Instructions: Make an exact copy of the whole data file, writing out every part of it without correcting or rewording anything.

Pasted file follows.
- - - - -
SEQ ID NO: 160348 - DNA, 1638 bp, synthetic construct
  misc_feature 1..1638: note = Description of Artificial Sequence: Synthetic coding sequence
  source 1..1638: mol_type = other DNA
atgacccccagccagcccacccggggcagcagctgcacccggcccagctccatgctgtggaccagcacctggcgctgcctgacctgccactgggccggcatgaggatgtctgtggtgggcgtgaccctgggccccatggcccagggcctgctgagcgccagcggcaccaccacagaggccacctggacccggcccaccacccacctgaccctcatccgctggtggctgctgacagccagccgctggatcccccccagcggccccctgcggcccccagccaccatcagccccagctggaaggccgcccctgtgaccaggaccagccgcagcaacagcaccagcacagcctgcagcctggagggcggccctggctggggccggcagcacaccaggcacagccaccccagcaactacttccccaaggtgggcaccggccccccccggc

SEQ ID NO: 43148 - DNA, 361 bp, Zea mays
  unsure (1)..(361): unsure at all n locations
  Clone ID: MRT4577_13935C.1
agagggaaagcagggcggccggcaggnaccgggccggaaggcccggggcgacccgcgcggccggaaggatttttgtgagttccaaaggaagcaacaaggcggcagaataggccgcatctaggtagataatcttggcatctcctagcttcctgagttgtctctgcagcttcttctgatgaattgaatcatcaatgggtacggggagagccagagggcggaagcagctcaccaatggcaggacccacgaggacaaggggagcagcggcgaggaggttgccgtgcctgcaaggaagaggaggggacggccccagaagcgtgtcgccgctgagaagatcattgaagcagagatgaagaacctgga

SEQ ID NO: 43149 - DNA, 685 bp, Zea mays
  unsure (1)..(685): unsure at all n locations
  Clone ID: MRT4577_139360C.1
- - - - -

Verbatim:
SEQ ID NO: 160348 - DNA, 1638 bp, synthetic construct
  misc_feature 1..1638: note = Description of Artificial Sequence: Synthetic coding sequence
  source 1..1638: mol_type = other DNA
atgacccccagccagcccacccggggcagcagctgcacccggcccagctccatgctgtggaccagcacctggcgctgcctgacctgccactgggccggcatgaggatgtctgtggtgggcgtgaccctgggccccatggcccagggcctgctgagcgccagcggcaccaccacagaggccacctggacccggcccaccacccacctgaccctcatccgctggtggctgctgacagccagccgctggatcccccccagcggccccctgcggcccccagccaccatcagccccagctggaaggccgcccctgtgaccaggaccagccgcagcaacagcaccagcacagcctgcagcctggagggcggccctggctggggccggcagcacaccaggcacagccaccccagcaactacttccccaaggtgggcaccggccccccccggc

SEQ ID NO: 43148 - DNA, 361 bp, Zea mays
  unsure (1)..(361): unsure at all n locations
  Clone ID: MRT4577_13935C.1
agagggaaagcagggcggccggcaggnaccgggccggaaggcccggggcgacccgcgcggccggaaggatttttgtgagttccaaaggaagcaacaaggcggcagaataggccgcatctaggtagataatcttggcatctcctagcttcctgagttgtctctgcagcttcttctgatgaattgaatcatcaatgggtacggggagagccagagggcggaagcagctcaccaatggcaggacccacgaggacaaggggagcagcggcgaggaggttgccgtgcctgcaaggaagaggaggggacggccccagaagcgtgtcgccgctgagaagatcattgaagcagagatgaagaacctgga

SEQ ID NO: 43149 - DNA, 685 bp, Zea mays
  unsure (1)..(685): unsure at all n locations
  Clone ID: MRT4577_139360C.1